Biking with Groceries: Experts Tell All

It’s Bike to Work Week! In an effort to scrounge up interest from a climate-controlled population in a more sustainable, active mode of transportation, the National League of American Cyclists chose the most pleasant month of the year to introduce commuters to fresh air and two wheels. While you’re welcome to take the bike lane by storm any day of the season, there will be some sanction to your efforts May 16-20. But if you’re reluctant to straddle your bike at 7 a.m., live dozens of miles from the office, or don’t dare to subject your designer suit to the elements, we have the perfect place for you to pedal to instead—the grocery store.

Eating your broccoli is healthier than eating none at all, and each car taken off the road is indeed a boost (however minor) for the environment. What’s more, we reluctantly admit you’re technically helping by recycling only when it is convenient. Yes, accomplishing some of these things is inarguably better than accomplishing none at all, but why settle for mediocrity when you can do more for yourself and the environment? Sustainability thrives when it is all-encompassing.

By biking to the grocery store, you’re fostering life-long fitness and protecting the environment, and you only have enough room to bring home the exact amount of broccoli you want to eat—meaning healthier and strategic dietary choices and less wasted food. Biking to the grocery store is a wholesome way to embody the spirit of sustainability that My City Bikes and Whole Foods Market participate in. The two teamed up to host the Biking with Whole Foods Market group grocery bike rides this spring and summer.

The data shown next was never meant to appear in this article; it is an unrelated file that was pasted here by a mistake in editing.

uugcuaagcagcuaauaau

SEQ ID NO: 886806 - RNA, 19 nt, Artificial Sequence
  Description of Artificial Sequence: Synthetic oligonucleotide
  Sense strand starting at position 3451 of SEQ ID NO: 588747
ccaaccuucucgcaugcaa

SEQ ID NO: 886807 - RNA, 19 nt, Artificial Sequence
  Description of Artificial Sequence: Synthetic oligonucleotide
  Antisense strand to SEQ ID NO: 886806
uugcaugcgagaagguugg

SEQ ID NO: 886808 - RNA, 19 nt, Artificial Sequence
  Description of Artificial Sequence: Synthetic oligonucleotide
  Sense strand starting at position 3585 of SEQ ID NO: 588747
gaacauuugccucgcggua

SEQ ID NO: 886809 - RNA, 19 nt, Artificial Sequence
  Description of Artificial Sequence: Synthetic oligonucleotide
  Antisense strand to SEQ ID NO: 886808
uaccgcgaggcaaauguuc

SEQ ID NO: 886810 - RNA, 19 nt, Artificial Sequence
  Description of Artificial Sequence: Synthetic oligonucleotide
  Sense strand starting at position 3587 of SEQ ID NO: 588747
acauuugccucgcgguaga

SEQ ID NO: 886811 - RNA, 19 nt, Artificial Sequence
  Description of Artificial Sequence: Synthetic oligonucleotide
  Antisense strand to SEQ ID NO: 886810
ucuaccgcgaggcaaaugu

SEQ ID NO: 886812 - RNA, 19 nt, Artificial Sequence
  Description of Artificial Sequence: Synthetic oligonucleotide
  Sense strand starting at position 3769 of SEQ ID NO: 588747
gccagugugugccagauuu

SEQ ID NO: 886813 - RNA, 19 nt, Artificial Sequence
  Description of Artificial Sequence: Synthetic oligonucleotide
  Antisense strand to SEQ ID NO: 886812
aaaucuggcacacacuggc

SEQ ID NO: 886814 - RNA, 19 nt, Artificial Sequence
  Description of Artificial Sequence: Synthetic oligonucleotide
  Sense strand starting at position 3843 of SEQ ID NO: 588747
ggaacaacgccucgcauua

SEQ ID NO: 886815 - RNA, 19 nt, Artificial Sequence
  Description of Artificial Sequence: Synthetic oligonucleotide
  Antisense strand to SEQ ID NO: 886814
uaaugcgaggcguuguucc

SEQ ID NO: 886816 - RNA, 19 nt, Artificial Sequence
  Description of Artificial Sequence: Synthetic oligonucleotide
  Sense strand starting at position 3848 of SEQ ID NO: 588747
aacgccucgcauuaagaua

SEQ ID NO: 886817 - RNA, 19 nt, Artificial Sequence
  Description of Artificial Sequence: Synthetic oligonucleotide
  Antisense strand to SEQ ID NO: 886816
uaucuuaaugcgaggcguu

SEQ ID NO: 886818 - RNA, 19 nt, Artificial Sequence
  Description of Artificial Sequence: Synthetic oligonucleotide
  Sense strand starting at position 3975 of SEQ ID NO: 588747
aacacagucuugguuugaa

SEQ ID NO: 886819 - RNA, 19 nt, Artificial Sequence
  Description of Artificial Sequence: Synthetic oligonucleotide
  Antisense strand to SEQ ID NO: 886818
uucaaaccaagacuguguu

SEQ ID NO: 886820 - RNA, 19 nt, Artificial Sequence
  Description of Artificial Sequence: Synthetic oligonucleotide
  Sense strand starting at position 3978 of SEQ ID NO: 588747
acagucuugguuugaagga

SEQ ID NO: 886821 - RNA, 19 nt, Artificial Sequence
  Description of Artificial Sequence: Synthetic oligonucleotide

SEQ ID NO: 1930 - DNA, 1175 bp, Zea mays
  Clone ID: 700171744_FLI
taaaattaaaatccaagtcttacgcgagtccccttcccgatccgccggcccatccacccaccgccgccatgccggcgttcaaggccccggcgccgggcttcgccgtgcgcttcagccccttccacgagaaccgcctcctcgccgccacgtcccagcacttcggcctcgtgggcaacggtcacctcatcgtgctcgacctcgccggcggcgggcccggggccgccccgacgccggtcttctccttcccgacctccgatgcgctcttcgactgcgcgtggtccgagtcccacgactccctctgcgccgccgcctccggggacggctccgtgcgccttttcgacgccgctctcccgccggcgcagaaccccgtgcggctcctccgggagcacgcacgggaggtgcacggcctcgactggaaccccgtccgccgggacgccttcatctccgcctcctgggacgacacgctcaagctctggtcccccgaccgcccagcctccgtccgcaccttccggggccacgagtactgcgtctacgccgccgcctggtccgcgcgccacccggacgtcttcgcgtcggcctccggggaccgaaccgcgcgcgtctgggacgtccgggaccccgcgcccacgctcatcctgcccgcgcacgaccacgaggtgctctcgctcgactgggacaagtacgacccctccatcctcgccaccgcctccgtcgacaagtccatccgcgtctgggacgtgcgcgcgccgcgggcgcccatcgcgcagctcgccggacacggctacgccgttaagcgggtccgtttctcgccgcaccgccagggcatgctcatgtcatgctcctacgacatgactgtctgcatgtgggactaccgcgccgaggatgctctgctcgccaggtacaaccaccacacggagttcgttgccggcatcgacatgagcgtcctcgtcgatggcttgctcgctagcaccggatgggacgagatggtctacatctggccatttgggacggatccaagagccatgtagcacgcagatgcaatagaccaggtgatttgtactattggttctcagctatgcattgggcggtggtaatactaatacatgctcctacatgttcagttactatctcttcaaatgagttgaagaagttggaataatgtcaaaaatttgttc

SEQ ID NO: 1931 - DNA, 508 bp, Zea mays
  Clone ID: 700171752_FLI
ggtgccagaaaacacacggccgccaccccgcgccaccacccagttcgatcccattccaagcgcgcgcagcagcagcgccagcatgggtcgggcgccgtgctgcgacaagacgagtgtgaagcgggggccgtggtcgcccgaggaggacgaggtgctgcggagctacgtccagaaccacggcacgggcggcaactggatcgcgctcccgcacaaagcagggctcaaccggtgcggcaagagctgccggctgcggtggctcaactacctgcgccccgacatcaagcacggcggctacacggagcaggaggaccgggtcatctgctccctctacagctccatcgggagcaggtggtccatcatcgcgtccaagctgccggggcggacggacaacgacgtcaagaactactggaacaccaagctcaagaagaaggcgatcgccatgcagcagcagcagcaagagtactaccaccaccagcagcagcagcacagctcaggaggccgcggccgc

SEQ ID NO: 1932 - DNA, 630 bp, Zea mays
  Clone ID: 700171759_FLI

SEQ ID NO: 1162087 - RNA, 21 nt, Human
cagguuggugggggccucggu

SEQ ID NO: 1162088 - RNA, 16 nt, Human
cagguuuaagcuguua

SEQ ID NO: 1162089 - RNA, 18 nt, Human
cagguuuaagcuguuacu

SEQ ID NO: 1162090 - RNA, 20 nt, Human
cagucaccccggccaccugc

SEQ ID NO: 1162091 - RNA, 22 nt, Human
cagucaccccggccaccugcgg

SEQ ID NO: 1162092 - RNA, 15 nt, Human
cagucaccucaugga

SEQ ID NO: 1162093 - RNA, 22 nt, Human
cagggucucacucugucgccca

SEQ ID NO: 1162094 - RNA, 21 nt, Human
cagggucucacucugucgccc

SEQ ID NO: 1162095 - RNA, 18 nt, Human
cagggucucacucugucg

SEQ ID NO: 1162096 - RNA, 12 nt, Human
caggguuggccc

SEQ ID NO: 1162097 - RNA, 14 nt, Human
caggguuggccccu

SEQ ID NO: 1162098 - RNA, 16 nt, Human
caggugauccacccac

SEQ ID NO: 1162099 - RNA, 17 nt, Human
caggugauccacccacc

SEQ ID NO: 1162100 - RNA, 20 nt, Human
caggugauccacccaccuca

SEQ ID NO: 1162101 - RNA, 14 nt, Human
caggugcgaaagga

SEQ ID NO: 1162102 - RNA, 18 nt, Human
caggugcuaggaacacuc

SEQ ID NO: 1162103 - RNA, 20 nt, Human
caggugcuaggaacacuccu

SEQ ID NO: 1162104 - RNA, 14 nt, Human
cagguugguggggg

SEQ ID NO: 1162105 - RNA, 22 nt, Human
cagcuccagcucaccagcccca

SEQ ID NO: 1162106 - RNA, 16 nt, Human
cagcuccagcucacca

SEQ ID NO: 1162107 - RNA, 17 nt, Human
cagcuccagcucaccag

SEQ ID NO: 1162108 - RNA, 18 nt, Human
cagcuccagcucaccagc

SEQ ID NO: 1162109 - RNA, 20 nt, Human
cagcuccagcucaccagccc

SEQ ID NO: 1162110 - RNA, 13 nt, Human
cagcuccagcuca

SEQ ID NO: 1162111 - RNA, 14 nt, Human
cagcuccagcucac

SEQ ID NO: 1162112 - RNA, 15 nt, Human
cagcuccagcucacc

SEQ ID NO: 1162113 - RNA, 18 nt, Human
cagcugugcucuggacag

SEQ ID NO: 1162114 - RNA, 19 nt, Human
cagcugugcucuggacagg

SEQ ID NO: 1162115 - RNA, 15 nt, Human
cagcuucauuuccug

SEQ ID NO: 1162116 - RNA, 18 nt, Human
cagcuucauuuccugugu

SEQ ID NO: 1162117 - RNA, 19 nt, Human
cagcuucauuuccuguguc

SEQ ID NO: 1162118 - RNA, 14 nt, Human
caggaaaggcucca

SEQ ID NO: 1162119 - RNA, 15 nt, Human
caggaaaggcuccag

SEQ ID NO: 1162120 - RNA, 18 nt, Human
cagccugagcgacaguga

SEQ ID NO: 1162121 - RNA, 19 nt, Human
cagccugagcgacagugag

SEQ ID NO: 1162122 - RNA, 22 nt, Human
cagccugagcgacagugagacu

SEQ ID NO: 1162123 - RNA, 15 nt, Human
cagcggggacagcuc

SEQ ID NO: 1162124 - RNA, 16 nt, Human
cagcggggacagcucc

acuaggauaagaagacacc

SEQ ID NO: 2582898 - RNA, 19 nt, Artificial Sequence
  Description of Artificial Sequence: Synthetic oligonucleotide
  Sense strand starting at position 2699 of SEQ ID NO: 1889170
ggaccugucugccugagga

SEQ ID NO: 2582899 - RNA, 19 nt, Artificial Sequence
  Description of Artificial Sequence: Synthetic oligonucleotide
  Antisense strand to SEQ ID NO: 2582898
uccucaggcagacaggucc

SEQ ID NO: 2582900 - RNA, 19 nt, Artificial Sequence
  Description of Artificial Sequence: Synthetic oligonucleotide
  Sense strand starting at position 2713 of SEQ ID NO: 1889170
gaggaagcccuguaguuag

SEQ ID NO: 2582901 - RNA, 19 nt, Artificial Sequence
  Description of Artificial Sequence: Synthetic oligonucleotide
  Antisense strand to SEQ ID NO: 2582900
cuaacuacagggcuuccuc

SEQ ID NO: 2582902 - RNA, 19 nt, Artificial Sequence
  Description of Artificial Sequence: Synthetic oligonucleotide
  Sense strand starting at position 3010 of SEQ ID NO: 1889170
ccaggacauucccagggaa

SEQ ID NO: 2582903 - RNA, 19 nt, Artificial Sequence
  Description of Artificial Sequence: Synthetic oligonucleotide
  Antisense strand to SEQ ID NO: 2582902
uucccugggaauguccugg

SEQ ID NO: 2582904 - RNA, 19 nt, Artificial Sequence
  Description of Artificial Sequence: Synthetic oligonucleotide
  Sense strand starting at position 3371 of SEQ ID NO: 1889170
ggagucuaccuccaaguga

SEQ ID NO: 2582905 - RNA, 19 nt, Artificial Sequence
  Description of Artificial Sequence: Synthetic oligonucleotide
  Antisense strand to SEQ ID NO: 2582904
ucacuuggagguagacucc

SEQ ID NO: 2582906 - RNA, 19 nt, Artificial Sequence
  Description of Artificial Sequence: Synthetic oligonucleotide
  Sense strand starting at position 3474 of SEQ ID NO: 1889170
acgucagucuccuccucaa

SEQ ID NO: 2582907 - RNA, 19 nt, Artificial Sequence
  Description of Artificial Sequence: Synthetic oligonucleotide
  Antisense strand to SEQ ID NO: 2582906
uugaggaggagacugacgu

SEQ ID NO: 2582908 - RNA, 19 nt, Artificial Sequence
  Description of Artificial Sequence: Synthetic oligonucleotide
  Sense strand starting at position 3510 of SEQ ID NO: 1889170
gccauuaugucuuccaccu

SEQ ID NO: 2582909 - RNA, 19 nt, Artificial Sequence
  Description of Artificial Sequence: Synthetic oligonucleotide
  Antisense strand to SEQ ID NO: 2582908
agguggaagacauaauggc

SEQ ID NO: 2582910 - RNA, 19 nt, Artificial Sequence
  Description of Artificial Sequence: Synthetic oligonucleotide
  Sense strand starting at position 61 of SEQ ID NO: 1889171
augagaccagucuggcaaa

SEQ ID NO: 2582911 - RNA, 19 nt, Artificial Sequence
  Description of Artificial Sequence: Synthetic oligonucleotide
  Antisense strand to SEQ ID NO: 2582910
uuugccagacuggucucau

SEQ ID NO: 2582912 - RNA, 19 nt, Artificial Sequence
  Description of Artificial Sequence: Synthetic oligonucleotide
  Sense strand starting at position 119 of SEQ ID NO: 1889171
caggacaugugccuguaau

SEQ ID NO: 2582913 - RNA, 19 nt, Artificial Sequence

This will mark the first national group bike ride to the grocery store, and Whole Foods Market will be the first Certified Bike-Friendly Grocer to host a group bike ride. “This ride starts at Whole Foods Market because a large part of body optimization is riding a bike. A bike is the second most important fuel for your body to maximize its full potential—the first most important fuel is whole foods,” said Anthony Douglas, a representative of My City Bikes. You’ll certainly be making more trips to the grocery store, but you can think of them as fuel for yourself and fewer trips (and less money) to fuel your car.

According to My City Bikes, making a habit of biking to the grocery store three times per week will:

  • Save 30 pounds of air pollution
  • Reduce your risk of heart disease by up to 50 percent
  • Put $14.40 back in your pocket

Still not sure why you would forfeit the lavish luxury of four wheels and air conditioning for just two and a whole lot of huffing and puffing? Biking to the grocery store doesn’t have to end in a tangle of bungie cords and an ill-judged watermelon purchase duct taped to your helmet—experts and bike shop owners offered the following actionable advice to ensure your first run goes without a hitch.

Will it fit?

“Buy removable baskets or grocery panniers. Take them into the store with you and use them as your shopping cart. This way when you fill your baskets or bags you know you can fit it all on your bike.” – Beth Annon, Owner, B & L Bike Shop in Davis, CA